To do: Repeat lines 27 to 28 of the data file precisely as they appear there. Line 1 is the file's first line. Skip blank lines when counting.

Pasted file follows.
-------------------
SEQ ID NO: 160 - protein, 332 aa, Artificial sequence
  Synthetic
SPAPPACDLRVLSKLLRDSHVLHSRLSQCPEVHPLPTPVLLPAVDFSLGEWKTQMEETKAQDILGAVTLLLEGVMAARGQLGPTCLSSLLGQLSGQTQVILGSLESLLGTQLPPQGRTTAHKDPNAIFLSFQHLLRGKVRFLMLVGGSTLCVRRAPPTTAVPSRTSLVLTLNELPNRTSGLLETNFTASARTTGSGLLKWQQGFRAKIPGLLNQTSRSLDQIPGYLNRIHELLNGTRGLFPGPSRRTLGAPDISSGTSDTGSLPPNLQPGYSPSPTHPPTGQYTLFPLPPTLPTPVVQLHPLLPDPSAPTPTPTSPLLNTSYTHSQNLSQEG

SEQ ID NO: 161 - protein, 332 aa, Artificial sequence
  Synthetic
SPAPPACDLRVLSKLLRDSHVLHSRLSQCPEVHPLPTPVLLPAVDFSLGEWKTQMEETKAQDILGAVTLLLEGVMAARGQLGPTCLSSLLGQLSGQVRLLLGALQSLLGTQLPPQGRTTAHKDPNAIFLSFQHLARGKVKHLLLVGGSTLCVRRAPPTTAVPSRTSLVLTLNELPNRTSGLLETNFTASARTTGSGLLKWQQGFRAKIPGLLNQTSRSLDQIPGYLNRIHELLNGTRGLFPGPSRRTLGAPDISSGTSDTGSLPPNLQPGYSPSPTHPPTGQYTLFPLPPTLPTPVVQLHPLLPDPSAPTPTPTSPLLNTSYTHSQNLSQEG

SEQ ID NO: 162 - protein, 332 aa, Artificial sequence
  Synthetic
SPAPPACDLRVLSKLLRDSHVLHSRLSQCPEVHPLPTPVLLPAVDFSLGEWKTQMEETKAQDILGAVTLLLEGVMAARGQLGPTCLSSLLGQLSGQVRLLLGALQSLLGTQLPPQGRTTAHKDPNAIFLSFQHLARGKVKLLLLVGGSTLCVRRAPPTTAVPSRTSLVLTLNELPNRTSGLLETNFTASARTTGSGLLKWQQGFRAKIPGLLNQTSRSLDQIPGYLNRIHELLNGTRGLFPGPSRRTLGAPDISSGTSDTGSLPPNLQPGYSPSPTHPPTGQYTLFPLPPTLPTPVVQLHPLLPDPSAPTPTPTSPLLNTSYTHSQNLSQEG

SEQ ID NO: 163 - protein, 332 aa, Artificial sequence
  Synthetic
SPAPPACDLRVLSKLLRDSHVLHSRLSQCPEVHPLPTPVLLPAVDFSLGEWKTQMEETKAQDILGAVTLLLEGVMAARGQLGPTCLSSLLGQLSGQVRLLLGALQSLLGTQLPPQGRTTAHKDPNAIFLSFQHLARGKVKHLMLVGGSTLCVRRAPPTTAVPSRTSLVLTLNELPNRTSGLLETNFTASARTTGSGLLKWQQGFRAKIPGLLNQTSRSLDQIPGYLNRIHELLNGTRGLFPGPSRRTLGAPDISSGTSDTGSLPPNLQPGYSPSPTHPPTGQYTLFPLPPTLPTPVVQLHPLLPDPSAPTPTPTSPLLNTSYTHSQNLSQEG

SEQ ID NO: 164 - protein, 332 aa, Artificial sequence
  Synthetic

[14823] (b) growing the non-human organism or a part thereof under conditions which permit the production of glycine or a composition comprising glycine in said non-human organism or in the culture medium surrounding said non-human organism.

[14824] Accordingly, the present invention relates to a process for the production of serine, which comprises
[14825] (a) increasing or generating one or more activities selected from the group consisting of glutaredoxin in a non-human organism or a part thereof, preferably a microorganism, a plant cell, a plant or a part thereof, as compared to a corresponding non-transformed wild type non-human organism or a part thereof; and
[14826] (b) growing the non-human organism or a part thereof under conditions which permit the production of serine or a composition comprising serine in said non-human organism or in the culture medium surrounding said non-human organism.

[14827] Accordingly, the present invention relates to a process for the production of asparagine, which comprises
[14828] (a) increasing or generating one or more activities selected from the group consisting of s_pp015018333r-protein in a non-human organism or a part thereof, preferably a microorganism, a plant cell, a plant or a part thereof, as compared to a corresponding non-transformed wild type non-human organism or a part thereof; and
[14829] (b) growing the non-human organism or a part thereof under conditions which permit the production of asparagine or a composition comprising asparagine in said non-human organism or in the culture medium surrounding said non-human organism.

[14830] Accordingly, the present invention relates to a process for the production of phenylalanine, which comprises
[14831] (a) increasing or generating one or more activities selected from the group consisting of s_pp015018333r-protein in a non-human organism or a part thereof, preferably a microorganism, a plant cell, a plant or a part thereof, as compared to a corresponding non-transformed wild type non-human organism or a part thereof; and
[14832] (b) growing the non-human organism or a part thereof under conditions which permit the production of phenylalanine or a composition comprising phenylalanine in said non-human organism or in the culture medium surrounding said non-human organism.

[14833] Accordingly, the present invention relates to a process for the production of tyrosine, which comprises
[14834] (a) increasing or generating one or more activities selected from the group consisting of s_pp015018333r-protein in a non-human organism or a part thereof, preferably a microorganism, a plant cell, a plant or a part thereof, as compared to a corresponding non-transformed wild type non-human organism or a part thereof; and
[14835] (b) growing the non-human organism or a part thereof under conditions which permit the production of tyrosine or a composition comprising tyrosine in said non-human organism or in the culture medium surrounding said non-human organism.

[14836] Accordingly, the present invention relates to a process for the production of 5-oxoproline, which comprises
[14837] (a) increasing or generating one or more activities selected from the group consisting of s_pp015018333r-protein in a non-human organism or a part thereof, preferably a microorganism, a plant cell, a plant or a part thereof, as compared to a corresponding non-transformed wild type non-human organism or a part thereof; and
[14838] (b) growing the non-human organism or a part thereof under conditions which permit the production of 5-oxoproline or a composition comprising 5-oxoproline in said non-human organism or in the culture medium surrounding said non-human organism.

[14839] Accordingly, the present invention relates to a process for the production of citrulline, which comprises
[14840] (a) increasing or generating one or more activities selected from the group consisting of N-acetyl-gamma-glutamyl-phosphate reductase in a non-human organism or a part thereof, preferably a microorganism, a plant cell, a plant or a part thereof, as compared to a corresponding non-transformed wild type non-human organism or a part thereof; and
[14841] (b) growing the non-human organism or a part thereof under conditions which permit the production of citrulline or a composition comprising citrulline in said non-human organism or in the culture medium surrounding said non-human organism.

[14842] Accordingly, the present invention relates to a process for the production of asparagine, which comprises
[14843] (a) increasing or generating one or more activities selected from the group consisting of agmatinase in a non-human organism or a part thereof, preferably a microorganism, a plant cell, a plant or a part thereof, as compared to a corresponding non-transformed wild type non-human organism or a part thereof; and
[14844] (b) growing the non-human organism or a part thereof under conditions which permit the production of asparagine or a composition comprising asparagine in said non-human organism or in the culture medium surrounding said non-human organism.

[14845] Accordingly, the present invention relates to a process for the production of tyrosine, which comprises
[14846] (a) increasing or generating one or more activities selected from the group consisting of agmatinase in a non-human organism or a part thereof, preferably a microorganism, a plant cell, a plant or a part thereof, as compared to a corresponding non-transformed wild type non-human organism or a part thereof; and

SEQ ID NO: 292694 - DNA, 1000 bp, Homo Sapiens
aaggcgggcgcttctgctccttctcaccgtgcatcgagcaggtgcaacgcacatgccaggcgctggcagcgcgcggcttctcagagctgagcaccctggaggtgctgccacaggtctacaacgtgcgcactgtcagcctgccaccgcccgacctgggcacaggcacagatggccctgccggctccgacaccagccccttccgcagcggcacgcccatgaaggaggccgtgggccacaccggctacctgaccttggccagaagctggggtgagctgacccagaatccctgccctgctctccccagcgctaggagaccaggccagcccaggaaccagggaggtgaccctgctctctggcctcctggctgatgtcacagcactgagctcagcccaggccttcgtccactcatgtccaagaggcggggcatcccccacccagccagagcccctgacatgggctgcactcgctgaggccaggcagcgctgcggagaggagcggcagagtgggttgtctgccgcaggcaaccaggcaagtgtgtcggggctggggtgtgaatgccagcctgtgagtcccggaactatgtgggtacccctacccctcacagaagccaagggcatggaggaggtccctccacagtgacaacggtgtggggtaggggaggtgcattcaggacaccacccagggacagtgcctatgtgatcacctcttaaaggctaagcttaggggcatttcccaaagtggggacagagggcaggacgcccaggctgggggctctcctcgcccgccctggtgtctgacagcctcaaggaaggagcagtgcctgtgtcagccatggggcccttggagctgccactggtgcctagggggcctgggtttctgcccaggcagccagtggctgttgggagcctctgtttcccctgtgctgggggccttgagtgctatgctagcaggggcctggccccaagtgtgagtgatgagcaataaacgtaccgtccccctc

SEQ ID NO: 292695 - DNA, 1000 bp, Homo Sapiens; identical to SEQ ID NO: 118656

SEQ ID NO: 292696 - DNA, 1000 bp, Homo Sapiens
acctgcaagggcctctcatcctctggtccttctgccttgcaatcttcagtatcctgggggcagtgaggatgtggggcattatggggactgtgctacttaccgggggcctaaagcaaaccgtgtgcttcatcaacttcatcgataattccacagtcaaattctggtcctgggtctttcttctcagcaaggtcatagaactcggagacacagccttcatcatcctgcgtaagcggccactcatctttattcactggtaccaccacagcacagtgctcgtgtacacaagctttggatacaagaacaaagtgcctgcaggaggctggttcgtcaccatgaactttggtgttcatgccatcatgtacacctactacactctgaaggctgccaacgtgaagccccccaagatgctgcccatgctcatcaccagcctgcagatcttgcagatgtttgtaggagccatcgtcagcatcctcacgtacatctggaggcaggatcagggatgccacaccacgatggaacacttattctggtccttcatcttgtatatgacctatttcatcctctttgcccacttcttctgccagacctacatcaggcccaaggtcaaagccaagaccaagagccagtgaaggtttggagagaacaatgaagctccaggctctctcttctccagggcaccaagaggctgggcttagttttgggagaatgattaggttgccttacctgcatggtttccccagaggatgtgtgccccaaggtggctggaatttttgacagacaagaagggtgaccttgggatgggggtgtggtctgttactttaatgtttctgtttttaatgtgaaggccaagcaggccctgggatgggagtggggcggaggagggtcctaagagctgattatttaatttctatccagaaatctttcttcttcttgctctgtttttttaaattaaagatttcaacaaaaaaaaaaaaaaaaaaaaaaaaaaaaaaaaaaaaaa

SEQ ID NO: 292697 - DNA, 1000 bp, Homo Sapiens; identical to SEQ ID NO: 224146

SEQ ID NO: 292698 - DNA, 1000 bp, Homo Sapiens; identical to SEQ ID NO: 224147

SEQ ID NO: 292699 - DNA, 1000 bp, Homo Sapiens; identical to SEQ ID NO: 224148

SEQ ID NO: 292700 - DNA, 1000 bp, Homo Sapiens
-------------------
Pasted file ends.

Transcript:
[14835] (b) growing the non-human organism or a part thereof under conditions which permit the production of tyrosine or a composition comprising tyrosine in said non-human organism or in the culture medium surrounding said non-human organism.

[14836] Accordingly, the present invention relates to a process for the production of 5-oxoproline, which comprises